LONDON, March 6 (Reuters) - Emerging market stocks rose to two-week highs on Wednesday, lifted by gains in China and fresh signs of a U.S. economic uptick, which spurred Wall Street to a record close the previous day.
The Kenyan shilling fell 1 percent on concerns about a delay in issuing the results of a closely fought presidential election, while investors were also watching for any fallout in the Venezuelan market from the death of President Hugo Chavez.
The main emerging markets index rose 0.6 percent to move back into positive territory for the year.
Chinese stocks, the biggest component in the emerging index, rose for a second day, benefiting from policy announcements by China’s parliament.
“China confirmed plans to widen its budget deficit, boosting hopes for improved economic performance this year,” Credit Agricole analysts said in a note, referring to China’s plans for record public spending in 2013.
On Tuesday, data showing a pickup in the U.S. service sector pushed the Dow Jones Industrial Average to a record close, while European stocks hit 4-1/2 year highs on Wednesday.
The Kenyan shilling, which rallied to November 2012 highs after Monday elections passed relatively smoothly, fell back on concerns that delays in announcing the result could prompt rivals to challenge the outcome.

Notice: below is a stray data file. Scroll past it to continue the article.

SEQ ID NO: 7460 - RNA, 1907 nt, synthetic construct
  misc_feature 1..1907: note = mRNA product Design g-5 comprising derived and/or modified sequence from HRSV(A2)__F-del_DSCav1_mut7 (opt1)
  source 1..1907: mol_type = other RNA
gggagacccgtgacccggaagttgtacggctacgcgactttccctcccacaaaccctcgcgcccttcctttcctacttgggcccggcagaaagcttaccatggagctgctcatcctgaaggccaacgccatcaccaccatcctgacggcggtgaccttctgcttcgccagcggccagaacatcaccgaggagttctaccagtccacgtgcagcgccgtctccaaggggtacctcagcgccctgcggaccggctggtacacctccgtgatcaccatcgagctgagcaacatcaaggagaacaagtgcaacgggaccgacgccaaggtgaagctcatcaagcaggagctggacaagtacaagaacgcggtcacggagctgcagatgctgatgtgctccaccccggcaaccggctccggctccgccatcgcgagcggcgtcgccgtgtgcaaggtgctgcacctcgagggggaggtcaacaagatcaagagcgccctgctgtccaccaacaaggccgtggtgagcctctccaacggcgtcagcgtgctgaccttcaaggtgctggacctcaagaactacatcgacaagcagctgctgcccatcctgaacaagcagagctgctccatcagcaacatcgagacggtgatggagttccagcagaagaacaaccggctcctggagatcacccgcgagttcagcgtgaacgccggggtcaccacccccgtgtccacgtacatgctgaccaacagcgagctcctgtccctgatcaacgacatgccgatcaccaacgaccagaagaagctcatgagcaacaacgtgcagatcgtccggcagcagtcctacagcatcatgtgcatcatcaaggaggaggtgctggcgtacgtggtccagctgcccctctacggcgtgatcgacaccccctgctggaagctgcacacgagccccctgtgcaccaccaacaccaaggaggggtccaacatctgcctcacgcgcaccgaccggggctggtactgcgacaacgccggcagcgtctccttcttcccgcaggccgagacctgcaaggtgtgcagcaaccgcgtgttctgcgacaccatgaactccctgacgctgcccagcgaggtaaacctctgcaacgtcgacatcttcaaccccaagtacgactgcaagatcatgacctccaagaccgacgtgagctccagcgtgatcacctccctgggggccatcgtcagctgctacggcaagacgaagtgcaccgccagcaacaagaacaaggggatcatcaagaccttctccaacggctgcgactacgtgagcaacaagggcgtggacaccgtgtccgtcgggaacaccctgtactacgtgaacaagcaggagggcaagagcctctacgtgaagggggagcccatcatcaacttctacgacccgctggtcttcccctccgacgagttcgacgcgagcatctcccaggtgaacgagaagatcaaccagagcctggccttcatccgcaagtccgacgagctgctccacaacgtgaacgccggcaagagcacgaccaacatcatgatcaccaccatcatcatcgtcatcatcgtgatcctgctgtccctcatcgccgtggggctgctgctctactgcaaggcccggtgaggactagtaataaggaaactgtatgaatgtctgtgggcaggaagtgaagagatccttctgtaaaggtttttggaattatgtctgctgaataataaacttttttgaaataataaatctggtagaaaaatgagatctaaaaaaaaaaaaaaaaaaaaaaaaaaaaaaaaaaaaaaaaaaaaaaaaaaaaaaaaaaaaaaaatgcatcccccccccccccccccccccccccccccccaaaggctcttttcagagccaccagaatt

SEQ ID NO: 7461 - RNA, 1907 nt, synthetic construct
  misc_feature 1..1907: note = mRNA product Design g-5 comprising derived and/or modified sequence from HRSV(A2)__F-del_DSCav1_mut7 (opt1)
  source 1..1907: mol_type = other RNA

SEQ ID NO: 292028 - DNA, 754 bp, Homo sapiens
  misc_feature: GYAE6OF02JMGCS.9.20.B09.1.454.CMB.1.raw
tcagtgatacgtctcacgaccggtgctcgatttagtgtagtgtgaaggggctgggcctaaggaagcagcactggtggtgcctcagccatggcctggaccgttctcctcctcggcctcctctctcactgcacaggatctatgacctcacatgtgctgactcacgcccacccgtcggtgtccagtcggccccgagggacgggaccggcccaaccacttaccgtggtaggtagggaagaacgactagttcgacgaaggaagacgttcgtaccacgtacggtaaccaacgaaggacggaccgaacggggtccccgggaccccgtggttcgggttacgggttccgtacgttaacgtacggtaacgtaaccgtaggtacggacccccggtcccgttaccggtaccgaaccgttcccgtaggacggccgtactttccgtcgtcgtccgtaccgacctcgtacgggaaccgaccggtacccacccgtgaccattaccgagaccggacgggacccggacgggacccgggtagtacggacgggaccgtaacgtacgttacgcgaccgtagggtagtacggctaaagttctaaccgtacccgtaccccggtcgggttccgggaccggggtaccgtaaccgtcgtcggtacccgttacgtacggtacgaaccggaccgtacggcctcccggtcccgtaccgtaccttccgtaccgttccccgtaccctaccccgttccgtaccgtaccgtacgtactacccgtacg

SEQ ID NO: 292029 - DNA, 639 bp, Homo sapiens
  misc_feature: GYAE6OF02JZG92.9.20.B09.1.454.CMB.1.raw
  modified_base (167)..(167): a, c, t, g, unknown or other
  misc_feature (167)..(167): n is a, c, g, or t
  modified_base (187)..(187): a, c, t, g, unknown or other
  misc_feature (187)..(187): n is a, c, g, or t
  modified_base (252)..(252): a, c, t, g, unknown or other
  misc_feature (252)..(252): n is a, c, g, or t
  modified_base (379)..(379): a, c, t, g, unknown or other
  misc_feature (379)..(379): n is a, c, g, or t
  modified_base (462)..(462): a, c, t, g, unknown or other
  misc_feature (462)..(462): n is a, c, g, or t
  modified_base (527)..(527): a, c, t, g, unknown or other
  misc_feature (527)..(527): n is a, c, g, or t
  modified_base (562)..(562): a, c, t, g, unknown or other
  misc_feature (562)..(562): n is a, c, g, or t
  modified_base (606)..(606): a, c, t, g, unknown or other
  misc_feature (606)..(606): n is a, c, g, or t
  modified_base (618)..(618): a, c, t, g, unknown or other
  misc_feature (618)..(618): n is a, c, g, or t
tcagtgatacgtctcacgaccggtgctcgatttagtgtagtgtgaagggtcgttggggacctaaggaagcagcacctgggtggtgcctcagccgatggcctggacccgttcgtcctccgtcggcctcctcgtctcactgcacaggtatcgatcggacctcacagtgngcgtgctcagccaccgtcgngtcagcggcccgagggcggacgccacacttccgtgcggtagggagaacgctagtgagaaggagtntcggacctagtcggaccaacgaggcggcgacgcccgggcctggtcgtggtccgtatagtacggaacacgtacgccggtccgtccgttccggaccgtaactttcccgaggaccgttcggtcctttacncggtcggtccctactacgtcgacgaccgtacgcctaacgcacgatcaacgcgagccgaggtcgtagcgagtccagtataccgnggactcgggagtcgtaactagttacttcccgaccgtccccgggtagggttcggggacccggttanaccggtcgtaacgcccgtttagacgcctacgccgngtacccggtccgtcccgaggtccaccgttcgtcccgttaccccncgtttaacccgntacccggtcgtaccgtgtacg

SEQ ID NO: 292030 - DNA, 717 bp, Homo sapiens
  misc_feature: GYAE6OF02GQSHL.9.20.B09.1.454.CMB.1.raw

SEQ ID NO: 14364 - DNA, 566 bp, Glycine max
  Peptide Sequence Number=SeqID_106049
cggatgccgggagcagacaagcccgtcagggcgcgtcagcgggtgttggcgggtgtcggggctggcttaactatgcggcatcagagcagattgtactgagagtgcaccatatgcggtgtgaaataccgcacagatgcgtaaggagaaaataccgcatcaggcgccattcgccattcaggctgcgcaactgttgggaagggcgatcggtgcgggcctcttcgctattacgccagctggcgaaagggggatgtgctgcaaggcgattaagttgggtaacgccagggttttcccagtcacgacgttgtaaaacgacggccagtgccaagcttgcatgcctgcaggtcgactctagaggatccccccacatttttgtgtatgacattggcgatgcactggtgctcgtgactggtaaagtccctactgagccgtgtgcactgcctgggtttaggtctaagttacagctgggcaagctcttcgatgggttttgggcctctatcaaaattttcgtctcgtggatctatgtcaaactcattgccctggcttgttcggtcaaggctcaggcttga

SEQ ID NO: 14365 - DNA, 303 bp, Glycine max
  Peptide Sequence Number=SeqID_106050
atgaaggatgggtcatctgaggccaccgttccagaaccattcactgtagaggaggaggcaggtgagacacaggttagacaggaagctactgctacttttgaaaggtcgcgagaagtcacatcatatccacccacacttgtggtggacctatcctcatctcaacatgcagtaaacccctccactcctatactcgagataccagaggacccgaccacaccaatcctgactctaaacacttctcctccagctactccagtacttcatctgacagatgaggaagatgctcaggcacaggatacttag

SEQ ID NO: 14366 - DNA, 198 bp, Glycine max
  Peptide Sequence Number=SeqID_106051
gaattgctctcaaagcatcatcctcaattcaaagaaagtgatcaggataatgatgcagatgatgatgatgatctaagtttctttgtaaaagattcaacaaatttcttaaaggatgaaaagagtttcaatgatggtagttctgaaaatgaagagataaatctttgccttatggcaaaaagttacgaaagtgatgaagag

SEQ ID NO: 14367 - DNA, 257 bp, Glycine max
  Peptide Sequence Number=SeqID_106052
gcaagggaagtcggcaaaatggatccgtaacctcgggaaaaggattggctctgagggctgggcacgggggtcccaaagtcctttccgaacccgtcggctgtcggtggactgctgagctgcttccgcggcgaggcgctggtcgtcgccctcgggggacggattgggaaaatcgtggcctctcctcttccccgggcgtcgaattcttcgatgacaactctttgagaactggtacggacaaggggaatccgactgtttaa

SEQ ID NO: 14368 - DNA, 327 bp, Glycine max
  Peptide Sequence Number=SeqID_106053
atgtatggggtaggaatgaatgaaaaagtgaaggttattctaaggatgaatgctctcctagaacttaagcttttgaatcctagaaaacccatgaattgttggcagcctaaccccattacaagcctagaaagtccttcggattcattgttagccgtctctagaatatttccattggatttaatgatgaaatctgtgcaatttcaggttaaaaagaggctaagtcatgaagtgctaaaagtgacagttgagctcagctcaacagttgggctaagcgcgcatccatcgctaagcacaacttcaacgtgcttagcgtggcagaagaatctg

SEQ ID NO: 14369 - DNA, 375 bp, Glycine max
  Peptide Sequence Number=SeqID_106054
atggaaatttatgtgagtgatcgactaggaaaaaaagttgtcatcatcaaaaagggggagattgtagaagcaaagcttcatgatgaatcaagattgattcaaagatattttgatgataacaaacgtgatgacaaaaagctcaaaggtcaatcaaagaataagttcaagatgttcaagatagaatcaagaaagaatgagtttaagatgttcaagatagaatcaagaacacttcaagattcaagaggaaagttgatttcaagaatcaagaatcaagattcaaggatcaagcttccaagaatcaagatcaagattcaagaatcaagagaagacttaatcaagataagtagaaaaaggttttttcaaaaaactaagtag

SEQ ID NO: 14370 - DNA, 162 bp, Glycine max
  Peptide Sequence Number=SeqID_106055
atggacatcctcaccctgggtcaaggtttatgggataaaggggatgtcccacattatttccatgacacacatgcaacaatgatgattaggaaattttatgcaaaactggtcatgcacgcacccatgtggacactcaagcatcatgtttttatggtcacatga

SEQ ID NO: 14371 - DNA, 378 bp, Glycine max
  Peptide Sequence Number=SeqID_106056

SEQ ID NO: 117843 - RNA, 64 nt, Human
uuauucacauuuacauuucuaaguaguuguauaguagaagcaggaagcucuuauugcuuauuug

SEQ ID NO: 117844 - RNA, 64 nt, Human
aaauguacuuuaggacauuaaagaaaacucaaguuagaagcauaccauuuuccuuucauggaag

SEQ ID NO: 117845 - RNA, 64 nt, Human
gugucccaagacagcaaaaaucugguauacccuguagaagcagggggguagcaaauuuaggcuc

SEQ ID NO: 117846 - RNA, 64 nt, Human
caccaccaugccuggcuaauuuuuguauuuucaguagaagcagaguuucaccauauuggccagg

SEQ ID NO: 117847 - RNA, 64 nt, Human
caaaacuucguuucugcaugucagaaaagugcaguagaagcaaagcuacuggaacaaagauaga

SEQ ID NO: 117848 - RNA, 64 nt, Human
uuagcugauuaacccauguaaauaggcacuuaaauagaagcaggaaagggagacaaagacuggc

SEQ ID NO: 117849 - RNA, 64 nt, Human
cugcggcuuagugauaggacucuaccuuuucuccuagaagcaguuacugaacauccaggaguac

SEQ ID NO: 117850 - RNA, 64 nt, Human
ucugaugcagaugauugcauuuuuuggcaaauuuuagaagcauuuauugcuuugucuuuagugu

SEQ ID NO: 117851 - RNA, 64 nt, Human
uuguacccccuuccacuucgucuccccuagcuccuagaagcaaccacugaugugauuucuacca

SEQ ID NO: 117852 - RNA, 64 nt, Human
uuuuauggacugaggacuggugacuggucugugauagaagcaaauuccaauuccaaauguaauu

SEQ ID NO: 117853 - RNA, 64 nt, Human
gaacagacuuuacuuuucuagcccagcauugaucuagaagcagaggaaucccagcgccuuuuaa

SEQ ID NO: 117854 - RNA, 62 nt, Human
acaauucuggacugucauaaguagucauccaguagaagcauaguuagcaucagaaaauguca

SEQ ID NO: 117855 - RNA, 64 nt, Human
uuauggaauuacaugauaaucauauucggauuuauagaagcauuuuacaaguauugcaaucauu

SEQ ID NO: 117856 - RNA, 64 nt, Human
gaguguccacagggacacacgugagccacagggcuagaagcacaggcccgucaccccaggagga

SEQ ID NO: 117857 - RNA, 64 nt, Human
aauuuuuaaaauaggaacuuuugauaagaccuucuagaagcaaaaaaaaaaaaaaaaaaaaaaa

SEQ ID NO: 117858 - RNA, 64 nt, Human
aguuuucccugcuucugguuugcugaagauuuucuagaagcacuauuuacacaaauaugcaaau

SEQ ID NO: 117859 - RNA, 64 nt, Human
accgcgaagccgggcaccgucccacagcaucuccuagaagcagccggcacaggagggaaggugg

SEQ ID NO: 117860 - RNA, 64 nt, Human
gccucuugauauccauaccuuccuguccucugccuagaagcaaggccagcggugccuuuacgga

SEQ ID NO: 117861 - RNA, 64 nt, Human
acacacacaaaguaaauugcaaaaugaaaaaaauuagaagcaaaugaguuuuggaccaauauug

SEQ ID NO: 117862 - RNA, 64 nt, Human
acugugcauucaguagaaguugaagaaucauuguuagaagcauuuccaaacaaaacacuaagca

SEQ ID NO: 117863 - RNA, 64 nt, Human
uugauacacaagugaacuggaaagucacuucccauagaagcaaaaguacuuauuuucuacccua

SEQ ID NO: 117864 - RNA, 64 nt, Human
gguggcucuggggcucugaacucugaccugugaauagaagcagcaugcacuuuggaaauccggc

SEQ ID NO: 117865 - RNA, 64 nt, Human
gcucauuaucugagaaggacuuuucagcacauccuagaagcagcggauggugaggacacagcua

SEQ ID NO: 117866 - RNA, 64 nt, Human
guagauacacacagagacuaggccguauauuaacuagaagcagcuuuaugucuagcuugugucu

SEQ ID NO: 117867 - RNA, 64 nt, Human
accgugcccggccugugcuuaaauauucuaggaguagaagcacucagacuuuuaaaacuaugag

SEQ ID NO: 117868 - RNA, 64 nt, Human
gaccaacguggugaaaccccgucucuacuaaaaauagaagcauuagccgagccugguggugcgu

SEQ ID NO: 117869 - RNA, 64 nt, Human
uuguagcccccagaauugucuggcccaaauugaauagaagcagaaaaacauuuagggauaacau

Post-election violence in 2008 killed over 1,200 people.
Political instability was also feared in Venezuela after the death on Tuesday of Chavez, who ruled the country for 14 years. Venezuelan bonds, which have been among the best performing emerging dollar assets this year with gains of over 4 percent, were little changed. Yield spreads over Treasuries tightened 4 basis points to 731 bps.
The 2027 bond fell 0.370 cents on the dollar, while credit default swaps were little changed around 639 bps, according to Markit, well off multi-year lows hit in January.
In central Europe, the Hungarian forint slipped 0.57 percent to 299.36 per euro, close to five-week lows hit on Tuesday. The currency, facing a key technical barrier before it breaches 300 per euro, is being rattled by uncertainty over the course of monetary policy under the central bank’s new governor.
The zloty slipped 0.10 percent before a central bank meeting, which is expected to result in a cut in interest rates of 25 basis points.